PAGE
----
One of the most inspiring aspects of the campaign to save the school has been the way that the whole community has rallied around and got involved. Why should this only happen when we are facing closure? It’s worth noting the success of Jordanhill, in Glasgow. By drawing on the talents of the whole community we can offer more to the kids.

      Have a look at our proposal document, which you can read here:

  2. Talk about opening up a can of worms! Even without the added complication of Catholic education, no Scottish education minister is going to pick a fight with any local authority over schools (I know this because I have been discussing the possibility of non-local authority governed Gaelic schools for years with civil servants and ministers). There is no political capital in this idea, for anyone. If you want your own school, start a fee-paying school. Surely in Milngavie and Bearsden you can afford it!

    1. Is that really your answer to Catholic families in Milngavie? If you want your children to be educated in their own community go private?

      1. I think it depends on how you define community. Whatever, if you don’t want LA control, fee-paying is the correct neoliberal response.

  3. Your piece doesn’t really explain enough of the background of why the decision is being taken to close the school. As Martin says, community engagement and parent being involved is great, but replicating the “Free Schools” idea adopted in England isn’t a model I’d want to see followed. If the headcount doesn’t justify a faith based school in your area, why should it be subsidised when many people disagree with the whole principle of faith based schools receiving any state funding or support?

    1. There are different arguments here. I respect the views of those who disagree with faith schools although I disagree with them. We should value diversity. St Joseph’s has around 140 pupils. Until the Council raised the possibility of closure it was the fastest growing school in East Dunbartonshire with a roll that had increased by 26 per cent in three years. There are some key differences with free schools. For example, we would oppose any form of academic selection.

      1. I think the aim should be to have the best possible education for pupils in terms of buildings, facilities and staff. Community engagement and diversity are great, but not at the expense of having too many small schools. How many other primary schools are there in the area for example? Are they larger or smaller? Would it be better to spend scarce resources having fewer schools that ALL pupils could go to irrespective of their parent’s faith?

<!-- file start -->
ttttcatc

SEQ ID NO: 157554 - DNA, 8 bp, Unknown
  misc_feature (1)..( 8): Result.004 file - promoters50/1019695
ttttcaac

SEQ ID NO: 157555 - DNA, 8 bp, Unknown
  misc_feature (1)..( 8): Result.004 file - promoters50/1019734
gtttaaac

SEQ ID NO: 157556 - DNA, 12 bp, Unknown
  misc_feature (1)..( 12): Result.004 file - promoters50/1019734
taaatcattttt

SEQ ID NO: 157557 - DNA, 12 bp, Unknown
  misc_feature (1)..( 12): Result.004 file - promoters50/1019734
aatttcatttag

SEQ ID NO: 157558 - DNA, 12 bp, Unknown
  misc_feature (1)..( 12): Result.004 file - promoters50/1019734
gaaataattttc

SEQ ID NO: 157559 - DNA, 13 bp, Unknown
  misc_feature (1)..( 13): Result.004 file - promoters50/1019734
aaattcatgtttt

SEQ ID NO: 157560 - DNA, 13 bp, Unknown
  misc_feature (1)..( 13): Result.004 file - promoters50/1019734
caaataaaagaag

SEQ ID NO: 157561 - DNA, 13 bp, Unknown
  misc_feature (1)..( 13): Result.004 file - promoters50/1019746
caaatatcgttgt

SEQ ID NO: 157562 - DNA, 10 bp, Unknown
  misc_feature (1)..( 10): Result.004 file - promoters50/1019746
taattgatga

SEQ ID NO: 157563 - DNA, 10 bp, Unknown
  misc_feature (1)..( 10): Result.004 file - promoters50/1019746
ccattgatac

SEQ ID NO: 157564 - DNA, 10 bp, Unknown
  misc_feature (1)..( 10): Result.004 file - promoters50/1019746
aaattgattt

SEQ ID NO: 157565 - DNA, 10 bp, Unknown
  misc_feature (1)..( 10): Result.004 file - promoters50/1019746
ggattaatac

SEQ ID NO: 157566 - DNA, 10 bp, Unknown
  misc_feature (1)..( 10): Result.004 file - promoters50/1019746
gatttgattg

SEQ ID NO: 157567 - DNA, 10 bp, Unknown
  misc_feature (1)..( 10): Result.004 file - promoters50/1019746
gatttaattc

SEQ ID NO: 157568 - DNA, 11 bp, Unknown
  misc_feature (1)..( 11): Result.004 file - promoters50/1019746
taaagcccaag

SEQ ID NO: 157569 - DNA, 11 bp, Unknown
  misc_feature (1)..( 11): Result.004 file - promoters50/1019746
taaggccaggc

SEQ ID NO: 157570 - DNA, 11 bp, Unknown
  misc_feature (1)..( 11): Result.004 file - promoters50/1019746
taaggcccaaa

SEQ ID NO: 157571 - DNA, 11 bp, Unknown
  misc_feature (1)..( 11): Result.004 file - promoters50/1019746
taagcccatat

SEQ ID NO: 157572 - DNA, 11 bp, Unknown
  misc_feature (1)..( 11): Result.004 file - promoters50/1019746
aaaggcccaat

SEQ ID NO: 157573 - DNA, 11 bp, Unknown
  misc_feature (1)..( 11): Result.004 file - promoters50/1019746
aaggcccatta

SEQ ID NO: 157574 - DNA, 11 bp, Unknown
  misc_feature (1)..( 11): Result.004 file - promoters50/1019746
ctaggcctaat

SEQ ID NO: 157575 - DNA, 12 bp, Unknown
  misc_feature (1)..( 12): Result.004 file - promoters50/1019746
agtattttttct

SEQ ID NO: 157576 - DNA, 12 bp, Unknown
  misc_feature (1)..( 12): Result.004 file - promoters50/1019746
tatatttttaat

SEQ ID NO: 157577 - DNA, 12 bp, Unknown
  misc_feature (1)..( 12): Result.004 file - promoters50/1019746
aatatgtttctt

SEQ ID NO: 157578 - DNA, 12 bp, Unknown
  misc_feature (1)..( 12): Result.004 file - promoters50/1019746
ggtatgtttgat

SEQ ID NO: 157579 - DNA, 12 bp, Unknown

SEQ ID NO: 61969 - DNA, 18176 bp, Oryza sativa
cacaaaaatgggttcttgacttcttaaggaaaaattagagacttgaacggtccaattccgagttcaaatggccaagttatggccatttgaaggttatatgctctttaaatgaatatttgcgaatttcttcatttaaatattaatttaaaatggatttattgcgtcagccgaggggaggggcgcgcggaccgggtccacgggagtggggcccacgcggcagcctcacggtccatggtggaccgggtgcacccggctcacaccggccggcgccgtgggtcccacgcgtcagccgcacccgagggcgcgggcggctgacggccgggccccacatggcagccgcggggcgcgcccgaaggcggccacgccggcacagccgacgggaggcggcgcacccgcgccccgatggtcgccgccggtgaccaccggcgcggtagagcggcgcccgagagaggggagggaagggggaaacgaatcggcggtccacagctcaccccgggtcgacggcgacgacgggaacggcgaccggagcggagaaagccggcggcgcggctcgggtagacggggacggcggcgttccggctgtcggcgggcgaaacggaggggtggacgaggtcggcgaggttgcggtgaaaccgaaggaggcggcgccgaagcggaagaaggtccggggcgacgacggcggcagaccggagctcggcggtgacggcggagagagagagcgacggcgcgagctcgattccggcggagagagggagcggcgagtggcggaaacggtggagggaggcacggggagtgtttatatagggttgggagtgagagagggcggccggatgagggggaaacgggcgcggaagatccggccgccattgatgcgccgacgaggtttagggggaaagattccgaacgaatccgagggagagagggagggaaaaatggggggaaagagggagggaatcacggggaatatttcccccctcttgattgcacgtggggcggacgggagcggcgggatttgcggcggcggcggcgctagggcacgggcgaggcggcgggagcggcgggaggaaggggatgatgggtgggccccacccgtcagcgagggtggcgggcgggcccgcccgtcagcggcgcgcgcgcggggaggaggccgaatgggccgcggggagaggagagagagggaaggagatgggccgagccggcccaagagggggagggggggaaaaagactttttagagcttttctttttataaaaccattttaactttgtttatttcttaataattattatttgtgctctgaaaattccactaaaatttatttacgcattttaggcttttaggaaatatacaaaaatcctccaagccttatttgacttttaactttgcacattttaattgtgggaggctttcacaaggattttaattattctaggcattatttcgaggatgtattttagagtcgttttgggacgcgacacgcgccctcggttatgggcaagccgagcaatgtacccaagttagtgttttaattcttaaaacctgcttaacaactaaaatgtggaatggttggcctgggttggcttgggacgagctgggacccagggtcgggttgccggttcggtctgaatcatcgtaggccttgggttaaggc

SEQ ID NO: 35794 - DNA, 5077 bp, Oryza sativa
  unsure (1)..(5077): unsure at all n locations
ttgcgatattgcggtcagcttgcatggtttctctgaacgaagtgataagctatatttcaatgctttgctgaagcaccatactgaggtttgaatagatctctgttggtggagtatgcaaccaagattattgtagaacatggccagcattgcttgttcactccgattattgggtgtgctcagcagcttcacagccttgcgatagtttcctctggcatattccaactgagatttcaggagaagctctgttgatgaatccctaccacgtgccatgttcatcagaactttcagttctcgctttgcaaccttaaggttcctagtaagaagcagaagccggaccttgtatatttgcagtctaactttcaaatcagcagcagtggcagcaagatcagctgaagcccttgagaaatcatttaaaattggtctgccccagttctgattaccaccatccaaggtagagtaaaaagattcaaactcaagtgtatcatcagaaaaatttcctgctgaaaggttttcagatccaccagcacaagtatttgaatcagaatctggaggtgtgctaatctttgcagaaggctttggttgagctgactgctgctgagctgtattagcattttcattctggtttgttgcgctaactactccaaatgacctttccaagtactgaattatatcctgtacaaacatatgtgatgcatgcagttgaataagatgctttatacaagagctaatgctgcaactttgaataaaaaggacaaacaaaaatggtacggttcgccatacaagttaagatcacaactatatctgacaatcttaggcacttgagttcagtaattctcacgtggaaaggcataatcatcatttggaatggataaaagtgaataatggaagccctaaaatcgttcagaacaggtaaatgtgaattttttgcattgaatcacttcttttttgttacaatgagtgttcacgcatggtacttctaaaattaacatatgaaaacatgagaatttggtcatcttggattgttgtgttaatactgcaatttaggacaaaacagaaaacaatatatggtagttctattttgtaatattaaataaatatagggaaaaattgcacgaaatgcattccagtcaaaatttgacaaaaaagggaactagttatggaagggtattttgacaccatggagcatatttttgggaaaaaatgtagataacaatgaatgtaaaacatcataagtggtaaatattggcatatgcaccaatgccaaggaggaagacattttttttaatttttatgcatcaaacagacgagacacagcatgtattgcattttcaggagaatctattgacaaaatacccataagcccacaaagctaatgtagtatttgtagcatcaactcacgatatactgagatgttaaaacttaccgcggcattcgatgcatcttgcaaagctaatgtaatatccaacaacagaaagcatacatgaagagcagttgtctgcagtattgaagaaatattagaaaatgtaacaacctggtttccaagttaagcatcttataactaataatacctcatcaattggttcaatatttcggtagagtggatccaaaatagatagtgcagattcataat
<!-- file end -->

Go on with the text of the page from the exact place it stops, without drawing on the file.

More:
I remain unconvinced that the answer to the problem is creating Community Schools outside local democratic control. I confess that I see no justification for faith based schools having ANY state support, but can’t see why it shouldn’t be possible for all children to be educated together and taught about their own religion whilst attending the same institution.

        We don’t need faith based schools to protect diversity; seems to me there is a much stronger argument that they encourage division and reinforce sectarianism.

        1. I am going to repeat a point here. We should celebrate diversity. To accuse faith schools of encouraging division and reinforcing sectarianism is wrong. The ethos of Catholic education is caring and inclusive.

          1. Celebrating diversity doesn’t necessitate teaching children in separate institutions based on their faith background. The whole point of faith based schools is to prevent assimilation and promote the religion of the parents. If parents are determined for their children to be taught in such circumstances they should do so privately, not expect the state to subsidise it. Even then, such institutions should have to follow a national curriculum.

            I still see no real argument for maintaining Catholic, Jewish or Muslim schools (still less using public funds) which could not be answered by educating all children in the same schools, controlled by democratically elected local government, allowing for children to learn about their particular faith background (as well as other faiths) within that context.

            You don’t increase social cohesion and equality, and tackle religious fundamentalism and sectarianism, by continuing to educate your children in exclusive faith based schools.

  4. If we (the Scottish Labour Party) want to be really radical and forward think we should be repealing, out of date, legislation, that allows for denominational schools within the comprehensive education system. Religion could be part of a broad based curricula activity, if you want a specific religion go to church, synagogue, mosque etc. It would also save a bit money.

    1. That’s a view Charles. At least it’s honest. East Dunbartonshire Council argue that they are actually supporting Catholic education when they are closing Catholic schools.

Comments are closed.